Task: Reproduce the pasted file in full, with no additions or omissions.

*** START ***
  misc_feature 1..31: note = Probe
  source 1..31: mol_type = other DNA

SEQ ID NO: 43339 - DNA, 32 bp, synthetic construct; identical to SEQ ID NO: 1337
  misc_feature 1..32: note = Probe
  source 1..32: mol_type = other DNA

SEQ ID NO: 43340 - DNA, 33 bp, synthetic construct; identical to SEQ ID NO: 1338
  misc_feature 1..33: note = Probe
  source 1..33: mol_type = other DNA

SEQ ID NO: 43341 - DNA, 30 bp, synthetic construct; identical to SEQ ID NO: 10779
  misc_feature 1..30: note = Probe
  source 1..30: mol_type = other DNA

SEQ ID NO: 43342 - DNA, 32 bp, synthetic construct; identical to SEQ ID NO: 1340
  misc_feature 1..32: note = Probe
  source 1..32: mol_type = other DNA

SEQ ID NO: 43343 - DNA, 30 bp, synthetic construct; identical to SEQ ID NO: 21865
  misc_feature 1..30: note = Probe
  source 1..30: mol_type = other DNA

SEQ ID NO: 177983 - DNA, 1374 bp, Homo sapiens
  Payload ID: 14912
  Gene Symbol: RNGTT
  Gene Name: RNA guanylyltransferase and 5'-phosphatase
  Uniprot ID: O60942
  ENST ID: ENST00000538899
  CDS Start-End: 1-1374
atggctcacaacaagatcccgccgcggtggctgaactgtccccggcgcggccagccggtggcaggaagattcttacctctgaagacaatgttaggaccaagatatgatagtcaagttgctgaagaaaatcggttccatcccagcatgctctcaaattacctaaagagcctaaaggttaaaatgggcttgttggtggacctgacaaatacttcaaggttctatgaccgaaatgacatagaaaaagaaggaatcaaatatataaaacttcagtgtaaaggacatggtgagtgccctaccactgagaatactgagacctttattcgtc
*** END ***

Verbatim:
  misc_feature 1..31: note = Probe
  source 1..31: mol_type = other DNA

SEQ ID NO: 43339 - DNA, 32 bp, synthetic construct; identical to SEQ ID NO: 1337
  misc_feature 1..32: note = Probe
  source 1..32: mol_type = other DNA

SEQ ID NO: 43340 - DNA, 33 bp, synthetic construct; identical to SEQ ID NO: 1338
  misc_feature 1..33: note = Probe
  source 1..33: mol_type = other DNA

SEQ ID NO: 43341 - DNA, 30 bp, synthetic construct; identical to SEQ ID NO: 10779
  misc_feature 1..30: note = Probe
  source 1..30: mol_type = other DNA

SEQ ID NO: 43342 - DNA, 32 bp, synthetic construct; identical to SEQ ID NO: 1340
  misc_feature 1..32: note = Probe
  source 1..32: mol_type = other DNA

SEQ ID NO: 43343 - DNA, 30 bp, synthetic construct; identical to SEQ ID NO: 21865
  misc_feature 1..30: note = Probe
  source 1..30: mol_type = other DNA

SEQ ID NO: 177983 - DNA, 1374 bp, Homo sapiens
  Payload ID: 14912
  Gene Symbol: RNGTT
  Gene Name: RNA guanylyltransferase and 5'-phosphatase
  Uniprot ID: O60942
  ENST ID: ENST00000538899
  CDS Start-End: 1-1374
atggctcacaacaagatcccgccgcggtggctgaactgtccccggcgcggccagccggtggcaggaagattcttacctctgaagacaatgttaggaccaagatatgatagtcaagttgctgaagaaaatcggttccatcccagcatgctctcaaattacctaaagagcctaaaggttaaaatgggcttgttggtggacctgacaaatacttcaaggttctatgaccgaaatgacatagaaaaagaaggaatcaaatatataaaacttcagtgtaaaggacatggtgagtgccctaccactgagaatactgagacctttattcgtc